Take the 2-minute tour ×
English Language & Usage Stack Exchange is a question and answer site for linguists, etymologists, and serious English language enthusiasts. It's 100% free, no registration required.

Background: I have an undefined, informal and ongoing relationship with someone where we often meet in the late evening at his place. Occasionally, we might go to a bar first but we don't really hang out socially at all beyond that. Currently, we are both making an effort to expand on the relationship to include other activities.

Texting:

me:   do you want to do whatever tonight...?
him:  define whatever. lol. 
me:   google says... whatever -> pronoun & determiner: used to emphasize a lack of
      restriction in referring to any thing or amount, no matter what.
me:   I guess I could have chosen "something" instead, which would have also implied 
      that I do not prefer the nothing possibility included in the scope of 
      whatever 
him:  so... just to clarify... candyflipping at a rave is out?
me:   ummmmmmm... technically, based on what i said at least, it is still in.  but no, 
      we should not do that.  

And then we debated my word choice. (yes, I'm lots of fun...)

So, here's my argument for using whatever over something... The idea of something essentially means "not nothing" or "more than nothing". However, whatever does include both "nothing" and "anything"... and in that, nothing can be expanded towards "nothing together" and "nothing apart". By saying something, the nothing is entirely removed (except, of course, if he says no to the question as a whole and turns me down tonight). I chose whatever because I feel like the question in itself removes the absolute nothing from whatever. Also, I did not want to exclude our normal "nothing out in the world but alone in your room together" activity and using something might appear like I am asking for something other/more than that tonight.

What I wanted to say: I am good with anything together. I do not specifically have something else to suggest for tonight but if he has something he wants to do with me, I am willing to go with him. I am happy with what we normally do together. I also understand if he is busy but I would prefer to meet up. I think whatever was the better choice.

What he said: the words are the same and using whatever makes me sound like I am 12 years old.

share|improve this question

closed as unclear what you're asking by TrevorD, cornbread ninja 麵包忍者, MετάEd, user49727, FumbleFingers Oct 5 '13 at 20:24

Please clarify your specific problem or add additional details to highlight exactly what you need. As it's currently written, it’s hard to tell exactly what you're asking. See the How to Ask page for help clarifying this question.If this question can be reworded to fit the rules in the help center, please edit the question.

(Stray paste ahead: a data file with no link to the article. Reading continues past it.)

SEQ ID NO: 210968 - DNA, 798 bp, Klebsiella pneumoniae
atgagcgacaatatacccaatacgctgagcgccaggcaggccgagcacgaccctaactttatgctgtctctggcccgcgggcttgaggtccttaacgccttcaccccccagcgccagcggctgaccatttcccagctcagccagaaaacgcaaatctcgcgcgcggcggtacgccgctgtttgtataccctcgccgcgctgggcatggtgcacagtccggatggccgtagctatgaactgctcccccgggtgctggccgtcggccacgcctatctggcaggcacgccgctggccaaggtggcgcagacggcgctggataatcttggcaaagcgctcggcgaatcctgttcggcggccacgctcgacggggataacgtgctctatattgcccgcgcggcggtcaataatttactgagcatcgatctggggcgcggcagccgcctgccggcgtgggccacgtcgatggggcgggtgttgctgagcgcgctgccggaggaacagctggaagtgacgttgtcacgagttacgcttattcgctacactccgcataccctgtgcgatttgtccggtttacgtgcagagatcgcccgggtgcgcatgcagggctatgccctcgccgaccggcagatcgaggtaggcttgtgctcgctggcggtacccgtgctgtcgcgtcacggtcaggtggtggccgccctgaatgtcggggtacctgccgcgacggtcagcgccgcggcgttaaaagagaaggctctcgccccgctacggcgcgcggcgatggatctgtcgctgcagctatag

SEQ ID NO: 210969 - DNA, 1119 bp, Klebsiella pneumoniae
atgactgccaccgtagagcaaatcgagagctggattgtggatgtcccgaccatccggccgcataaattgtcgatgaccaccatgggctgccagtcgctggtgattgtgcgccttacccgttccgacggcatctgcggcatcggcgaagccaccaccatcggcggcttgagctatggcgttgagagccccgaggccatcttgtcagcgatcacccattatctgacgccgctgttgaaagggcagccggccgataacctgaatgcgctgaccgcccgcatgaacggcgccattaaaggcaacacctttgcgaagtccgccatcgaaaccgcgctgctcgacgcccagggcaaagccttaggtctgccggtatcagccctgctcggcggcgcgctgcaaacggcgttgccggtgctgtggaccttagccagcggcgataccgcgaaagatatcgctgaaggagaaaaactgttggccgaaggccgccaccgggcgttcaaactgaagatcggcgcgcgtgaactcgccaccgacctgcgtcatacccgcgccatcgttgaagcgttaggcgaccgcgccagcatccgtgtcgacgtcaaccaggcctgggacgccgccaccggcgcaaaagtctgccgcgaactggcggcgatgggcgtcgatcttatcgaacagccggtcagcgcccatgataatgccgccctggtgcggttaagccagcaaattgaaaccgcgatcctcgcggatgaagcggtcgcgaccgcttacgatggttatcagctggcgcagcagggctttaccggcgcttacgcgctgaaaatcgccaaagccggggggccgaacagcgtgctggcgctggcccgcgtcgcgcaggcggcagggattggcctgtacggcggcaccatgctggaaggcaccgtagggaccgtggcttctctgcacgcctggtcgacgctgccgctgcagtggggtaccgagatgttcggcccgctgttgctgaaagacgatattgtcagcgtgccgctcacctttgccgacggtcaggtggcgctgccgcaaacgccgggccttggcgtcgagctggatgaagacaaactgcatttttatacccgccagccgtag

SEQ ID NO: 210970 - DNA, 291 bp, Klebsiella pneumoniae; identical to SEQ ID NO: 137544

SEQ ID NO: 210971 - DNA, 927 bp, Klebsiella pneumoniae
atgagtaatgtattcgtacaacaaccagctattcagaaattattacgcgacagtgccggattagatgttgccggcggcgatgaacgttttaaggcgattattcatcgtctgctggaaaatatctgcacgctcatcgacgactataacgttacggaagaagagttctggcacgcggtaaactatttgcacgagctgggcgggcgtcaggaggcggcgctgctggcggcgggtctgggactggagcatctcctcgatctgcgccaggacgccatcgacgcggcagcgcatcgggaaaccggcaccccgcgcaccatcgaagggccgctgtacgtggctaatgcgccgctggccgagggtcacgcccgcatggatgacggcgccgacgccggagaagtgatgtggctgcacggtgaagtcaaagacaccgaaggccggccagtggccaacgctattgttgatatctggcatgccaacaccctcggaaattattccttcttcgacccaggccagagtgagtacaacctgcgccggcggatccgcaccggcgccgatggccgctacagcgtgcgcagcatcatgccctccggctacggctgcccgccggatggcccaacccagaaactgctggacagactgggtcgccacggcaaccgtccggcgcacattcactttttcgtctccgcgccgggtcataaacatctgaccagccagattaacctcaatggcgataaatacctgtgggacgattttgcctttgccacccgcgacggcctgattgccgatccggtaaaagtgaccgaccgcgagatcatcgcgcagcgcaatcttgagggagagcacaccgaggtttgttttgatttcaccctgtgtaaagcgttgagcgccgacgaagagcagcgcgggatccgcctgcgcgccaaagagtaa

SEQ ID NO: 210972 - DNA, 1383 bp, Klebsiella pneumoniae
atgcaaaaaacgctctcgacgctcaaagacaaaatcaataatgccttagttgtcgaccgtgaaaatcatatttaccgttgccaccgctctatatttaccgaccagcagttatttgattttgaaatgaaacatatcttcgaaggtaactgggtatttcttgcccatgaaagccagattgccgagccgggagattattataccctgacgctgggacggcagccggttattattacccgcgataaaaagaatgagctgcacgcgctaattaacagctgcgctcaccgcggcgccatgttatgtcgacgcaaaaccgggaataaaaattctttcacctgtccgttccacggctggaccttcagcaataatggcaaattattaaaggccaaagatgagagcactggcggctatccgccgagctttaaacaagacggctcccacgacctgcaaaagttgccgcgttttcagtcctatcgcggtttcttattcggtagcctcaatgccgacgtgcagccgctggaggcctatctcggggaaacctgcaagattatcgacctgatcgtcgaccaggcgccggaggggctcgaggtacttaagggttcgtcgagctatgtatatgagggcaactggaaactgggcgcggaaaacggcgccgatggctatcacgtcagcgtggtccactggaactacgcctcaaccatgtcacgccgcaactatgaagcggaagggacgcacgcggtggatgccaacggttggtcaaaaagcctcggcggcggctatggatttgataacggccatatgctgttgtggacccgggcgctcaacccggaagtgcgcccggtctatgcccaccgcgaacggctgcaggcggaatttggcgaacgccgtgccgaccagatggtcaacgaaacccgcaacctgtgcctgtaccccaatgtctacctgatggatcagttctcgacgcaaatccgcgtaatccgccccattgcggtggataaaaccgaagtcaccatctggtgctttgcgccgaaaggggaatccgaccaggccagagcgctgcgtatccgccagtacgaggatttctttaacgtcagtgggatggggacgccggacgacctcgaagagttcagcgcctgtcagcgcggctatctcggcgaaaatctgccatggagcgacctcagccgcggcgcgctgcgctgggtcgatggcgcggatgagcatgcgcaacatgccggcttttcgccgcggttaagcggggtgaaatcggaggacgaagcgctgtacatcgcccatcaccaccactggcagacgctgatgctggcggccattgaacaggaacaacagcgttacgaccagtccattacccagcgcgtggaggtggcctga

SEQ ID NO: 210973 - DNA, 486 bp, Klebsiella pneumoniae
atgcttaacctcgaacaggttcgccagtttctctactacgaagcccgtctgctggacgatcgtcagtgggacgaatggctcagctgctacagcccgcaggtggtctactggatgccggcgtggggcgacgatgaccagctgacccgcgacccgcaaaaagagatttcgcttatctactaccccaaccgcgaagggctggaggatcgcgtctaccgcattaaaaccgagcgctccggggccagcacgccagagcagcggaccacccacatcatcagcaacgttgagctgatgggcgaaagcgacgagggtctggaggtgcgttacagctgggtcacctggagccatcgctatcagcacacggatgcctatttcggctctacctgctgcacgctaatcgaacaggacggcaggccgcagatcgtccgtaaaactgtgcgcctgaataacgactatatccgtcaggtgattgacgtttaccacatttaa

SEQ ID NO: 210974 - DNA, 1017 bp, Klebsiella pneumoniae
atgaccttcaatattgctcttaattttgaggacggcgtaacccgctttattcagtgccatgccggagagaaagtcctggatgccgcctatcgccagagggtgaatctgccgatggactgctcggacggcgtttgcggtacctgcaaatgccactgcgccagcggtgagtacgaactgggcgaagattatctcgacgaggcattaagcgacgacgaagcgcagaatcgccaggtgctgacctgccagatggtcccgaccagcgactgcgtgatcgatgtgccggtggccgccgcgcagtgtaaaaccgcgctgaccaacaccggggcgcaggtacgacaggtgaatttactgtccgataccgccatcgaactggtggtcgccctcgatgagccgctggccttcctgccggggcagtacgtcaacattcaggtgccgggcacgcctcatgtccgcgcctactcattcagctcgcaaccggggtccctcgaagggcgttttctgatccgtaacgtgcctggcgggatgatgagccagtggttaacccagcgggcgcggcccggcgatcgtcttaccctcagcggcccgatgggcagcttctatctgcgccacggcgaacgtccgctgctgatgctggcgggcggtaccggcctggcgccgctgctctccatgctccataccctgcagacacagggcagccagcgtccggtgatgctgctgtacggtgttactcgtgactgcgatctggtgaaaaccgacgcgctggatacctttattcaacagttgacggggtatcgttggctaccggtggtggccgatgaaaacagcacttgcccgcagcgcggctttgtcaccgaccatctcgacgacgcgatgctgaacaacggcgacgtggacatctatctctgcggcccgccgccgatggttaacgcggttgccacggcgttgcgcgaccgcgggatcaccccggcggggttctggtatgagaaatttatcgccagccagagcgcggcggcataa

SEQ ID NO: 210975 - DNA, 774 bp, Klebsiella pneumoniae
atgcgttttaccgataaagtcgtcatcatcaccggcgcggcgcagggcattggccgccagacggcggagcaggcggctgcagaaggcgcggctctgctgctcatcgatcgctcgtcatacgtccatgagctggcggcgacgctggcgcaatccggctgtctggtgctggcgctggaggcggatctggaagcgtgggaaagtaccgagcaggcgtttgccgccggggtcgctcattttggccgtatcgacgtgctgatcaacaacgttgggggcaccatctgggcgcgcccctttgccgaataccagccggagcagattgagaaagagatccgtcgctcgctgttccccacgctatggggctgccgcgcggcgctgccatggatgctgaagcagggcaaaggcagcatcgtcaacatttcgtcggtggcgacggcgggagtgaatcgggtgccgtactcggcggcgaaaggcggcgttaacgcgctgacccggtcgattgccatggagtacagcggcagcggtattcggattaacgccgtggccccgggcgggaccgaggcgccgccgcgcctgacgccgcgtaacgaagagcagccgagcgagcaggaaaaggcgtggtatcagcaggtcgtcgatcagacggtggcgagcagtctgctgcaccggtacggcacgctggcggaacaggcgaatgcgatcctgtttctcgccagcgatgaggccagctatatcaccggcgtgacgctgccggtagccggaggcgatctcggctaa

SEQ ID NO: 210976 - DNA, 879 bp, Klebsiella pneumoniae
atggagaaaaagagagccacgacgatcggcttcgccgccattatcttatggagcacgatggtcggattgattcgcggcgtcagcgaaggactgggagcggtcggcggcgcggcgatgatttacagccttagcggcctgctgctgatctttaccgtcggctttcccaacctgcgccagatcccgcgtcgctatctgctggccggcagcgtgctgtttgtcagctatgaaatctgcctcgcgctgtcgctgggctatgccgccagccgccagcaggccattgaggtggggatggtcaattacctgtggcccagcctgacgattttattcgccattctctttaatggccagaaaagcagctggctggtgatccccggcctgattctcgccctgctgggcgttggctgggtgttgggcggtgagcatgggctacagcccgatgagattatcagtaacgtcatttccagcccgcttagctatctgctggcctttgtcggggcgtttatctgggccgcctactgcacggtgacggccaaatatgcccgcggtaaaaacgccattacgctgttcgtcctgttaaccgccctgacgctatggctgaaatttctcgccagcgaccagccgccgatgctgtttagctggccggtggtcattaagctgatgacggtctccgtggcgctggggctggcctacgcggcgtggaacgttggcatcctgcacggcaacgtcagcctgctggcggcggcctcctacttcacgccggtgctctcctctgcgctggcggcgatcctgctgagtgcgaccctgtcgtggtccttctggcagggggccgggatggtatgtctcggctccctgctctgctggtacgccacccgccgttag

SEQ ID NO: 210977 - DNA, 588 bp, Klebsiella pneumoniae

I agree with your feelings on the matter. "Whatever" feels wide open (as your friend recognized with the joke about a rave) whereas "something" may have restrictions. "Whatever" imparts an ambivalence that "something" does not, but that's just my opinion. –  Lumberjack Oct 4 '13 at 19:27
2  
Er...in this context, I'd be interpreting "whatever" as a euphemism for sex (unless I'm totally off-base here). Why not be specific and say "I'm open to suggestions", or "Wanna go clubbing?", or "I've got a hankering for sushi.", etc. –  Kristina Lopez Oct 4 '13 at 19:28
    
@KristinaLopez - it kind of was... but I am open to alternatives or other things before/after and I didn't want to exclude anything specific or be extremely direct by saying anything similar to "dtf?" –  gloomy.penguin Oct 4 '13 at 19:36
    
"Whatever" when paired with "..." implies use your imagination here, pal. Punctuation in this case is almost as important as word choice. Some people even verbalize "dot-dot-dot"... meaning that it's significant. Am I right? –  LindaBrammer Oct 4 '13 at 19:44
2  
I guess, for me... it's an issue with when you hang out with someone... either the focus is on the activity or it's on the person. Something seems to imply, to me, my concern is with an activity (or event). Whatever seems to imply, to me, my main concern is with seeing him. (I love using ... to show natural pauses or imply something {and I love the word imply, apparently}) –  gloomy.penguin Oct 4 '13 at 19:45

3 Answers 3

up vote 5 down vote accepted

Hmmmmmm... Just my take. When someone asks "do you want to do something tonight?" That is a common phrase and has a meaning of do you want to partake in an event. Whether that is a dinner out, movie, concert, a walk, movie in, whatever.

Now if someone says "do you want to do whatever tonight?" I find that a little playful and I read that as "do you want to do whatever [you want to me] tonight?" This is from a guy's point of view but if a girl switched out the term something with whatever I would take that as a night in doing whatever she wanted me to do.

See you are not something unless we are speaking barbarically. However whatever does include whatever I want my mind to think of.

share|improve this answer